Also, and this is a bit of a random aside, the reason people think ADD is overdiagnosed is that the disorder has a name that sounds descriptive but is totally inaccurate. ADD isn’t a lack of attention, it’s a lack of control over attention; to complicate matters further, it’s also one of those diagnoses that has become a bucket of similar-looking issues with different root causes. Perception of time (specifically “The ability to place oneself on a timeline”), the ability to organize thoughts, the ability to remember that you decided you wanted to do something and then actually do it, any of these can be lacking for a person with ADD. There’s also a tendency towards frustration that can make a student with ADD fail a written exam, but demonstrate complete and utter mastery of the exact same material if you just have a conversation. There’s also difficulty recalling memories specifically, which combined with the poor perception of time makes self-reflection extremely difficult. There also are ADD patients for whom it’s impossible to anticipate the feeling of satisfaction you get from completing a project, which ends up looking like laziness or a lack of motivation; or it results in trying a bunch of things and putting them down when they get difficult or boring. This is only scratching the surface of the working memory deficits that, in any combination, count as ADD.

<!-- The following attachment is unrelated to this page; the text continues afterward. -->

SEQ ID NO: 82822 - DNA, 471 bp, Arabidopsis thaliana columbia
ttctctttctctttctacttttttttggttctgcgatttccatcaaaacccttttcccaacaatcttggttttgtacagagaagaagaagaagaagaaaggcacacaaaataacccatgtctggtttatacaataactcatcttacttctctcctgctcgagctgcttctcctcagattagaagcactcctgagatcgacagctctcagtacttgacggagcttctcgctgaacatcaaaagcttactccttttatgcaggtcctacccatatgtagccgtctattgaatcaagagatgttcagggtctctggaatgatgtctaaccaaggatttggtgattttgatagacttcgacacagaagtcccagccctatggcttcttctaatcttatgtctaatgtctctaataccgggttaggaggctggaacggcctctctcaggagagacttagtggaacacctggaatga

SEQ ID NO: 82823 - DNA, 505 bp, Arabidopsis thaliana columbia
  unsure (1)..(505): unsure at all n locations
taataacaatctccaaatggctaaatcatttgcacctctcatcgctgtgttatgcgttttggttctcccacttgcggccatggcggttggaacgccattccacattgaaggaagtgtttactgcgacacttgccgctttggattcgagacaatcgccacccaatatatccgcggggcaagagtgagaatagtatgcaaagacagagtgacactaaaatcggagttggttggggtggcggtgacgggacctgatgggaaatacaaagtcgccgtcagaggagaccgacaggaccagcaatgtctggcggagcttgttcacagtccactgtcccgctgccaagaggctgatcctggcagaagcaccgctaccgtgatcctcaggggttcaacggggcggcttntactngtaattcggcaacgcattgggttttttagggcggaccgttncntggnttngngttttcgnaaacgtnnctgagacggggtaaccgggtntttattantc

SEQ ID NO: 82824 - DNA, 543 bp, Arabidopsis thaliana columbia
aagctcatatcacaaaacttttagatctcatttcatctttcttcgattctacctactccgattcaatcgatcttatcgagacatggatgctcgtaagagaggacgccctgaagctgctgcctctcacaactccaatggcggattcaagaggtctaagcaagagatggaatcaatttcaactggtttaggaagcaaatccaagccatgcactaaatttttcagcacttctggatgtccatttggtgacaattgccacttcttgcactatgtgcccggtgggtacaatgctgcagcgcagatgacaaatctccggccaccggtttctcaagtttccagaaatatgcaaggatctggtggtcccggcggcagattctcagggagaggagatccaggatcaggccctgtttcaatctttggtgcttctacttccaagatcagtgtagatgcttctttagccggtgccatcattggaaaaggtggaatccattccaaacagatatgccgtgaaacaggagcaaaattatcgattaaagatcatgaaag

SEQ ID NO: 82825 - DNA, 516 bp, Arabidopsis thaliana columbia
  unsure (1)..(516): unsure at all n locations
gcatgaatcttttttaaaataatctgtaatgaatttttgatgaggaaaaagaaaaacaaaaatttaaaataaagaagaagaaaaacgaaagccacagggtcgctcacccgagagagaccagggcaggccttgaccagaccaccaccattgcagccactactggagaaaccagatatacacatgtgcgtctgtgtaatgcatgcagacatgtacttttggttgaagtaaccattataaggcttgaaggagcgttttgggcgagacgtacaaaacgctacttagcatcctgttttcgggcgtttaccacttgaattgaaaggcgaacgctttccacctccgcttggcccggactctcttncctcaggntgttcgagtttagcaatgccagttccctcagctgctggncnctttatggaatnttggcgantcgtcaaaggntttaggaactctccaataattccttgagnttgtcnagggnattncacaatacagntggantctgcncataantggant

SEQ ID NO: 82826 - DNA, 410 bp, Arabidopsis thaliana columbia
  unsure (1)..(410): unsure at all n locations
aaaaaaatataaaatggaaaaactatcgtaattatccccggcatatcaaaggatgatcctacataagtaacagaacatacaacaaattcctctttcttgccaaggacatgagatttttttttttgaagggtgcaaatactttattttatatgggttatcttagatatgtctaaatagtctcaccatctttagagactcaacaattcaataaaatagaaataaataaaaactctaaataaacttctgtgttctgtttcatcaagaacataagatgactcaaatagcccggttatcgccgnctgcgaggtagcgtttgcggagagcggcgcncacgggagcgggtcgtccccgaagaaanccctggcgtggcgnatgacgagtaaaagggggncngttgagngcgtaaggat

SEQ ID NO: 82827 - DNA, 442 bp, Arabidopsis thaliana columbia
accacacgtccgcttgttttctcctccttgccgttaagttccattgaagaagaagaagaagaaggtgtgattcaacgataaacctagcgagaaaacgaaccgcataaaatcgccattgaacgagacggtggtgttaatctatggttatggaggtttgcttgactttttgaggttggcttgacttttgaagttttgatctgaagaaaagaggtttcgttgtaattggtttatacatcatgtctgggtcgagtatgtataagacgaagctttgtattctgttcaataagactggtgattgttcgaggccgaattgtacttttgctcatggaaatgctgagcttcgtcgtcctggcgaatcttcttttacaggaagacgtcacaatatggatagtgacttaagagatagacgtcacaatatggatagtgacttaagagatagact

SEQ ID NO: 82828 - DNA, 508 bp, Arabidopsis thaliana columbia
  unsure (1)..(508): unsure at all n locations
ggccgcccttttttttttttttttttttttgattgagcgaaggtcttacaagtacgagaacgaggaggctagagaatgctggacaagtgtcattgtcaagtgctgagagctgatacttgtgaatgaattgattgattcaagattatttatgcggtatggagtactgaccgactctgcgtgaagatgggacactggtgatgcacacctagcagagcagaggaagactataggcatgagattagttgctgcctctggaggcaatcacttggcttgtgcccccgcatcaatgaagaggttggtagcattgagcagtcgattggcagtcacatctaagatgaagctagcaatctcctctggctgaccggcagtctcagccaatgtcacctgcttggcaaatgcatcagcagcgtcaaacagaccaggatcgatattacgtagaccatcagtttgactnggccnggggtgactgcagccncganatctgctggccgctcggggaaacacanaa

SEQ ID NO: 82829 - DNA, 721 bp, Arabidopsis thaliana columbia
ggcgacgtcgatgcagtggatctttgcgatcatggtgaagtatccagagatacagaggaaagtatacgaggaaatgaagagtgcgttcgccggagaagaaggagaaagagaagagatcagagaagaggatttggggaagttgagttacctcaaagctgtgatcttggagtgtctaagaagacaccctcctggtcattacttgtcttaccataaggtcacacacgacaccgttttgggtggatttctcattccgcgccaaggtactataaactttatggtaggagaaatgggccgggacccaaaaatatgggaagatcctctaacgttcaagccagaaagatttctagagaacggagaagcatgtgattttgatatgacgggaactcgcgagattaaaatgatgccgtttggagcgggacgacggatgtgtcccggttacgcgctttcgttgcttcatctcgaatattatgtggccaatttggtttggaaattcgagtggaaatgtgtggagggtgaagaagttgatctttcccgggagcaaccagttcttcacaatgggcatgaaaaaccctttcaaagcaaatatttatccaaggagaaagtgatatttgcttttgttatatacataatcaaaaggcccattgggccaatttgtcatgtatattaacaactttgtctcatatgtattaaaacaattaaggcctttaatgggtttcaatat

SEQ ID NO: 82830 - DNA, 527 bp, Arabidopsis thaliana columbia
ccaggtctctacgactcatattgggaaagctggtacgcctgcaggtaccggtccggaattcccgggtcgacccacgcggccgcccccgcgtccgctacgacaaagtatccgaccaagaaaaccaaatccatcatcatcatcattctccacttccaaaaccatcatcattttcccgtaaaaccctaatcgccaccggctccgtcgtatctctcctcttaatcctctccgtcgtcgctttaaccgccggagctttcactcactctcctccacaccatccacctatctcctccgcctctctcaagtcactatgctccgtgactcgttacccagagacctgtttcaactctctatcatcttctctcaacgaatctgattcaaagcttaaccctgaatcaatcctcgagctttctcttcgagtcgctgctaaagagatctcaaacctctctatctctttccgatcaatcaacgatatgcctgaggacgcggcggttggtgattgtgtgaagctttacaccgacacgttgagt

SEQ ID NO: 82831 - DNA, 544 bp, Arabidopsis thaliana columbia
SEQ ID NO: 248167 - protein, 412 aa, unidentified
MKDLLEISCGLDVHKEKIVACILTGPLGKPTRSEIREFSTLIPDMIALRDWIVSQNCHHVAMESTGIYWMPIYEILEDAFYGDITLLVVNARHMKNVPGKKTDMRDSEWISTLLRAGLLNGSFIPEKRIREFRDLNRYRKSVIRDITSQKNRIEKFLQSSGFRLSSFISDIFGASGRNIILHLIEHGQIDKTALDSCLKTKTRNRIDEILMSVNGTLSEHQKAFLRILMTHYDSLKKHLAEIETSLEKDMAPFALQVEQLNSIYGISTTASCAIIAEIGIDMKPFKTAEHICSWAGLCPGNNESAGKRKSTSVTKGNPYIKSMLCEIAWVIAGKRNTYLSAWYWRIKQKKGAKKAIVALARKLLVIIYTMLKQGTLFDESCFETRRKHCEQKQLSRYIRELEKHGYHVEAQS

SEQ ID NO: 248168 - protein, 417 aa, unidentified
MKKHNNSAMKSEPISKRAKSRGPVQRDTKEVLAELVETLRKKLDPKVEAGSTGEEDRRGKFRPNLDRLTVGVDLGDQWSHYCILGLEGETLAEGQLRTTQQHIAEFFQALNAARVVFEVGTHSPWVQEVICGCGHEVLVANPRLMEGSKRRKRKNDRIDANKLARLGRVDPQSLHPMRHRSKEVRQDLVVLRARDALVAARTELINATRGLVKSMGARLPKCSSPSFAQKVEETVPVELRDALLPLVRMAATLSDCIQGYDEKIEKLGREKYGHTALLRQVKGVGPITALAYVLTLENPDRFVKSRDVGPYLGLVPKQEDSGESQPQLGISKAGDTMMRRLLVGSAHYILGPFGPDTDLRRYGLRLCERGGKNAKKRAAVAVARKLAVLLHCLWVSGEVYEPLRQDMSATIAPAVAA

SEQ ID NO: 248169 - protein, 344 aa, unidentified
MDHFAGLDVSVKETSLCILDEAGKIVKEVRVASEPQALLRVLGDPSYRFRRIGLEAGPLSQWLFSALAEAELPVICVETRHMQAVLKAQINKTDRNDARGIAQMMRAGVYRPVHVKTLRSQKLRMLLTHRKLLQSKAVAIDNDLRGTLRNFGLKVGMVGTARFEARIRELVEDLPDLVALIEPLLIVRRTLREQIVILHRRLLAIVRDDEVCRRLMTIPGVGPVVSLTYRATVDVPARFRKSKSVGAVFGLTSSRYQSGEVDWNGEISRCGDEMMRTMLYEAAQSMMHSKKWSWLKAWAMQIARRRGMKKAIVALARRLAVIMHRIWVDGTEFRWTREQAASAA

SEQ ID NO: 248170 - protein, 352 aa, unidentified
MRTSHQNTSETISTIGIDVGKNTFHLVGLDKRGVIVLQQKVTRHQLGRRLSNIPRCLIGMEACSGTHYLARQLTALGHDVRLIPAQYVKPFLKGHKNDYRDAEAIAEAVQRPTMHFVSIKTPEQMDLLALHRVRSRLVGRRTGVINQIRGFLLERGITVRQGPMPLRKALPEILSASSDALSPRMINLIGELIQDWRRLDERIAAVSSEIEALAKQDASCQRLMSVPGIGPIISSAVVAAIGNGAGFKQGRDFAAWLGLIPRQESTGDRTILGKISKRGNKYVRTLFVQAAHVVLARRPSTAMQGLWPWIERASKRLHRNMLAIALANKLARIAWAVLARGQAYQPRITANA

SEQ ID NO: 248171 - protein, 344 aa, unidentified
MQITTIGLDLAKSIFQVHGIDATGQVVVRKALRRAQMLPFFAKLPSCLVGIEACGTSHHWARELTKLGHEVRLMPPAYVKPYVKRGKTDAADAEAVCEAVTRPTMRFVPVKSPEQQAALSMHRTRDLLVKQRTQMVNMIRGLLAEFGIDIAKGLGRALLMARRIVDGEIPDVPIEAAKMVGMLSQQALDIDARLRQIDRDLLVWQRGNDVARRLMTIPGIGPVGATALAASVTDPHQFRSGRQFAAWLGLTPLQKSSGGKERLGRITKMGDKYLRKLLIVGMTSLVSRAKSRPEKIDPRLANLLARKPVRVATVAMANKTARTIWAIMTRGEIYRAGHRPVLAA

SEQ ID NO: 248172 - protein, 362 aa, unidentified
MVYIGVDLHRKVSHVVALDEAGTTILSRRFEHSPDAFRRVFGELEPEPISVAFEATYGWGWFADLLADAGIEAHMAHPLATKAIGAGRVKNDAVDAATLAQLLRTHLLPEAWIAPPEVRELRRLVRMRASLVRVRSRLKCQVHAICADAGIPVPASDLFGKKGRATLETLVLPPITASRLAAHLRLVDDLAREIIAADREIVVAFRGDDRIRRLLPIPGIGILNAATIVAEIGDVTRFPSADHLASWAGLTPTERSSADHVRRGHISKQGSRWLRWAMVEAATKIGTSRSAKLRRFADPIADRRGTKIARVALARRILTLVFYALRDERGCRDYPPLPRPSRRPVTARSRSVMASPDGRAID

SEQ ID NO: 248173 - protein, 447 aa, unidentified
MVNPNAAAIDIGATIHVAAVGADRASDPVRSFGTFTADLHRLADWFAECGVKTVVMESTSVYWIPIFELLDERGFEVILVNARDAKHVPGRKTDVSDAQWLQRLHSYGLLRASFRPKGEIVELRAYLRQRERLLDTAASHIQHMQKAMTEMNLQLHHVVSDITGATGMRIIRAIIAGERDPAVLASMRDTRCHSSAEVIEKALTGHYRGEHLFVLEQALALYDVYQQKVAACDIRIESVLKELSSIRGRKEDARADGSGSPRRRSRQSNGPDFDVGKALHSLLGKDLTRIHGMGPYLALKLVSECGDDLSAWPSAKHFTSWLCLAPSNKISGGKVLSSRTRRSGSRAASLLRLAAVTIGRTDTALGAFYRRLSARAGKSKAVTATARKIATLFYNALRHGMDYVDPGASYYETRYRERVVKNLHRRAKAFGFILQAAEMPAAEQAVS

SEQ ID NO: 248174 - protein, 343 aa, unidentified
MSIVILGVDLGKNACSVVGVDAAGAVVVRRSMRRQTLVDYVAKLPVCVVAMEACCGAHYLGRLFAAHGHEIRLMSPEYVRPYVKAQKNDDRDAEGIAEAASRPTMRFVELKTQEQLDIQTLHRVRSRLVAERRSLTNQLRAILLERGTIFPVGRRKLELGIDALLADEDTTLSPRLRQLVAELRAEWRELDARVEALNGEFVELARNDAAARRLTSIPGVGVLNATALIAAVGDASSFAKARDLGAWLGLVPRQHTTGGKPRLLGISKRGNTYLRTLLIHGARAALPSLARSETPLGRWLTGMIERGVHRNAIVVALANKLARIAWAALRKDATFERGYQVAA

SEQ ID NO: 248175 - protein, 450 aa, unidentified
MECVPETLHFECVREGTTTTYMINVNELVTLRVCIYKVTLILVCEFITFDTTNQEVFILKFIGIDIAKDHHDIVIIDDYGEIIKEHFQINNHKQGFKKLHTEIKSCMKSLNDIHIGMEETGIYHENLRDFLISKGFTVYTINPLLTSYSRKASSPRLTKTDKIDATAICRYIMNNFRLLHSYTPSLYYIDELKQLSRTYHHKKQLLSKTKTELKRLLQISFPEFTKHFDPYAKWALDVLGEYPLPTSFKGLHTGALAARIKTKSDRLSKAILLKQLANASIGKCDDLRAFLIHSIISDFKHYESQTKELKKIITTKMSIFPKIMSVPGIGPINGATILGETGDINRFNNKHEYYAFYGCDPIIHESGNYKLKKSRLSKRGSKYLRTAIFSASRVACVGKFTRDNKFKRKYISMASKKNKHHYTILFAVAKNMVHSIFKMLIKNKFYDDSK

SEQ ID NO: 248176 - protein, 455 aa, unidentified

The cruelest impairment of all is that a lot of the time a person with ADD knows exactly what they’re doing wrong, and exactly what they should do differently, and nevertheless is totally incapable of implementing those changes. You know you need to stick with a schedule, for example, or keep a notebook to write everything down in, but maybe you neglect to enter something in your calendar, forget your notebook somewhere, or you ignore calendar alerts if you’re doing something else at the time (And you’re ALWAYS doing something else).

Anyway, ultimately there’s a good chance that so many people in the US are diagnosed with ADD compared to other countries because American society has begun to expect totally unrealistic levels of performance from everyone. It’s sort of a mis-application of the concept that “all men are created equal.” That simply isn’t true. It should be true under the law and with regard to rights (which I believe is an unspoken bit of context people forget about), but people are born with different strengths and weaknesses. American society, or at least the public & higher educational systems in the US, refuse to see that & truly guide students toward fields they are suited to.


anonymous asked:

I relate a lot to your posts about your brain problems, but you seem to have achieved a lot more than I have. Do you have any advice on how to do that?